Animals are sacrificed on days 3, 5 and 7 following implantation. The eyes are enucleated and fixed in neutral buffered formalin. Paraffin sections of tissue containing the implant are prepared, followed by staining with hematoxylin and eosin to observe the degree of fibrovascular proliferation at the implant site. Staining of sections with Massons trichrome is performed to observe newly formed collagen fibers at the implant site. The degree of fibrovascular proliferation and the amount of newly formed collagen in and around the implant is substantially greater in tissue receiving implants coated with TGF type beta as compared to implants with no agent or tissue not receiving an implant.
The above examples demonstrate that growth modulating agents such as ricin and daunomycin reversibly associate with polymers such as polystyrene, polypropylene, acrylic, polyamide, and nylon. Alternatively, a labile covalent band can be used to link the growth modulating agent to the polymer. The modulating agent is then released by the polymer. The association and release can be readily determined using the above experimental methods. The polymer can be crafted into an implant form suitable for the desired application and implanted into an animal. The method can be applied for example to prevent secondary cataracts or to maintain patency of a filtering bleb in GFS.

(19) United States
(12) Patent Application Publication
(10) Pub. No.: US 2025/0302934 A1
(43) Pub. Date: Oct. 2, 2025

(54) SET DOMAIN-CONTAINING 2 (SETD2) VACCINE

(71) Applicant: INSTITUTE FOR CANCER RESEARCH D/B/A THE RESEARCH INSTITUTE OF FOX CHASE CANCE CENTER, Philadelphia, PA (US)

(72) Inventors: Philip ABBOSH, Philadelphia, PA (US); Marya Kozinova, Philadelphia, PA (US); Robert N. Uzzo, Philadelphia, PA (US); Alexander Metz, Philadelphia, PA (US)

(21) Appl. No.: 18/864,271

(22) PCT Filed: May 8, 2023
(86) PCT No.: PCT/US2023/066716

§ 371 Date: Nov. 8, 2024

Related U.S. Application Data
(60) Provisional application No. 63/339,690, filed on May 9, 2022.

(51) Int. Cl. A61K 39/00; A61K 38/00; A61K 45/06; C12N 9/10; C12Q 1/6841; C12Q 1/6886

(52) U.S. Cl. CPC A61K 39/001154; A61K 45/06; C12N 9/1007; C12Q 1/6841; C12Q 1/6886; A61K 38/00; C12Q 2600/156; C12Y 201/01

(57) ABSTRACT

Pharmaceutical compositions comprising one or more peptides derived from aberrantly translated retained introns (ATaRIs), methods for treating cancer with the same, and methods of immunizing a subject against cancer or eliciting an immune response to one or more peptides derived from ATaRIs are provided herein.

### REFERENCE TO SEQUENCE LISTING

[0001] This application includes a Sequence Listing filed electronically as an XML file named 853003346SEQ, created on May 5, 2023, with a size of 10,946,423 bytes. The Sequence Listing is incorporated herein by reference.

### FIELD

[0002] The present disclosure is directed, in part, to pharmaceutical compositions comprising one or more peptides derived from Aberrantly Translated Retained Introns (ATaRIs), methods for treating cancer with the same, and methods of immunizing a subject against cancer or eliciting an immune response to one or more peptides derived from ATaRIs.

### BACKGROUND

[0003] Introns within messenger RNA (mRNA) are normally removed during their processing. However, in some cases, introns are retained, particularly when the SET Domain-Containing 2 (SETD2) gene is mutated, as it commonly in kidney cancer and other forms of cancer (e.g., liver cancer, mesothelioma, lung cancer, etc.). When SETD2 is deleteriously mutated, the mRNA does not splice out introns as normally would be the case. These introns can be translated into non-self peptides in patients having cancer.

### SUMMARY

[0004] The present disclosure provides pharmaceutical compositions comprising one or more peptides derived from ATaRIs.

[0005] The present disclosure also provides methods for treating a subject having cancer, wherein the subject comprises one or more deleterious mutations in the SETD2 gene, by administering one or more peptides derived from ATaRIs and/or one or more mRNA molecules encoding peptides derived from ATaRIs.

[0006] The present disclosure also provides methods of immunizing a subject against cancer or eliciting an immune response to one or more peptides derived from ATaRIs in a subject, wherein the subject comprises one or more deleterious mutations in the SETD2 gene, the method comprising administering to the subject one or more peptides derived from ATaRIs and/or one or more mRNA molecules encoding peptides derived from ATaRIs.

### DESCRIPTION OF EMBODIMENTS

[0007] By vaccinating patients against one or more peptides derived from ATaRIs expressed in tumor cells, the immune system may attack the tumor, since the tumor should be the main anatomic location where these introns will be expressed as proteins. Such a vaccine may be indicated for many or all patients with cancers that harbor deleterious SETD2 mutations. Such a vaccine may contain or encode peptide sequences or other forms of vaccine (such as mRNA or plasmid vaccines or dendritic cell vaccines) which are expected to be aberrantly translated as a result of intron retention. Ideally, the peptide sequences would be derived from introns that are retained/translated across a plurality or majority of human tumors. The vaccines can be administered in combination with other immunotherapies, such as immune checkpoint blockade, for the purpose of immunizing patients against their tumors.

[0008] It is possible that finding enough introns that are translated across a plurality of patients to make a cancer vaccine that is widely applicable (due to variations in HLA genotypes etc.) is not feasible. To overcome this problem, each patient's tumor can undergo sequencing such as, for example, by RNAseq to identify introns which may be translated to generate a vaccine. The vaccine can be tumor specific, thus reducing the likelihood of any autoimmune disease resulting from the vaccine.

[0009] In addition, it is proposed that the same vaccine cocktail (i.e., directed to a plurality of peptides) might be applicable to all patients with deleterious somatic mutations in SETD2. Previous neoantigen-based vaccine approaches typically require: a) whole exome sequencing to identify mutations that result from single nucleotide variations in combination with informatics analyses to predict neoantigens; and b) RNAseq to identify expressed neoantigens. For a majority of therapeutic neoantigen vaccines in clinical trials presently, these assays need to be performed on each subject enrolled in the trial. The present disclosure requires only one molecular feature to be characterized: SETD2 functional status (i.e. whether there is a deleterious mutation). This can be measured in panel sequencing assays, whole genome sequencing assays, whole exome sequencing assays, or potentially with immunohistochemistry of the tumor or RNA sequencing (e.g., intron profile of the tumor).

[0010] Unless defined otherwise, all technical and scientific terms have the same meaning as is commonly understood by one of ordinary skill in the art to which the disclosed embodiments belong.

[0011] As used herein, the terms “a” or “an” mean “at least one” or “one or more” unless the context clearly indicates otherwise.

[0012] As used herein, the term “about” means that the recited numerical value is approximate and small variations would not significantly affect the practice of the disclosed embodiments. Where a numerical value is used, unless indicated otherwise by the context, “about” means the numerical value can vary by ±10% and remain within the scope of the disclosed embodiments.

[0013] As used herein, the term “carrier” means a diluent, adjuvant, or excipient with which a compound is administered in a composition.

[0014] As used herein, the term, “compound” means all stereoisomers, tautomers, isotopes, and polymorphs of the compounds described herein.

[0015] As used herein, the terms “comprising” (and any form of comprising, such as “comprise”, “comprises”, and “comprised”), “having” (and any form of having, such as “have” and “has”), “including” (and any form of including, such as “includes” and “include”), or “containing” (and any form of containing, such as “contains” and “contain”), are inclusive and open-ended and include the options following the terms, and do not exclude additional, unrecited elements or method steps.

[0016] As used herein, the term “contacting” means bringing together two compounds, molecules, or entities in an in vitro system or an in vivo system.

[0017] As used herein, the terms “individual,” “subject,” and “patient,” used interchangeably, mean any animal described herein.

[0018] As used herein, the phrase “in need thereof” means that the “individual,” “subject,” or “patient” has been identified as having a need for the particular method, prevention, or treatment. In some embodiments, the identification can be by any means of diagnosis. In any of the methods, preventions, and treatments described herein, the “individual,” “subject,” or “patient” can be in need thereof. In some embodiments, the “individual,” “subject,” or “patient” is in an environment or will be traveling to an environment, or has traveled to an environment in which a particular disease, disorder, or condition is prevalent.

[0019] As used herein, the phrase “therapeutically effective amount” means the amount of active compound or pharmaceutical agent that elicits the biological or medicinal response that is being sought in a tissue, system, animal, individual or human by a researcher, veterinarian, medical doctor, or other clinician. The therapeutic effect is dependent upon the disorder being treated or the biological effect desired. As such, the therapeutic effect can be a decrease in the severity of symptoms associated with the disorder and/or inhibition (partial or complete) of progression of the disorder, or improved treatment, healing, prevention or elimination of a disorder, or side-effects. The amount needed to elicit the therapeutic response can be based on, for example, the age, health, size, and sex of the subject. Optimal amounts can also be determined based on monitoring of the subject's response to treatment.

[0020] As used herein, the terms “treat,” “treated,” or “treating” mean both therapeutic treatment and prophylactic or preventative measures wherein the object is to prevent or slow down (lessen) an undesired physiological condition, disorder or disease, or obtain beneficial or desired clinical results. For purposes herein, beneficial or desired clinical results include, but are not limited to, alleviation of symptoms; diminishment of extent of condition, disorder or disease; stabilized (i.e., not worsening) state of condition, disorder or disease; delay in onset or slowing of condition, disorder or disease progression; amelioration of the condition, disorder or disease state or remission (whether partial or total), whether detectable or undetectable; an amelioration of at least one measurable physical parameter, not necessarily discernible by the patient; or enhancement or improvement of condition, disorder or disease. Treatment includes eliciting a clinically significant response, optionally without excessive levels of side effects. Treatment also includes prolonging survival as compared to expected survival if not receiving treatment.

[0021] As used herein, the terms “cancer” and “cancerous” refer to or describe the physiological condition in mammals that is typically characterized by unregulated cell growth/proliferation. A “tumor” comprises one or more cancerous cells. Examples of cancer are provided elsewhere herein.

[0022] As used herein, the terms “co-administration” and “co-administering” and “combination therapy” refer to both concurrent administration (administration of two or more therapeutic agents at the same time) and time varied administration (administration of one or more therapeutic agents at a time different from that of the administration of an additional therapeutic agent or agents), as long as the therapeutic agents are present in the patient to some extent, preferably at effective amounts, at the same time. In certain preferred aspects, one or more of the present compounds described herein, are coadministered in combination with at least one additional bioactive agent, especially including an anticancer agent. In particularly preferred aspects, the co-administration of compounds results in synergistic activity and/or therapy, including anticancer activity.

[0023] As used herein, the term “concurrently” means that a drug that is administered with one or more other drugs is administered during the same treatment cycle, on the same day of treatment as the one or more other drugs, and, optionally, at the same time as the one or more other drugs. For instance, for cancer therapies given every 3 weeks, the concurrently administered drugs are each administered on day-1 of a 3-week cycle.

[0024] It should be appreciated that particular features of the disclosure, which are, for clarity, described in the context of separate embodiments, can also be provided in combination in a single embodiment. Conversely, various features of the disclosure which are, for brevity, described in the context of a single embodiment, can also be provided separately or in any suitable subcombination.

All publications and patent applications mentioned in this specification are indicative of the level of skill of those skilled in the art to which this invention pertains. All publications and patent applications are herein incorporated by reference to the same extent as if each individual publication or patent application was specifically and individually indicated to be incorporated by reference.
The invention now having been fully described, it will be apparent to one of ordinary skill in the art that many changes and modifications can be made thereto without departing from the spirit or scope of the appended claims.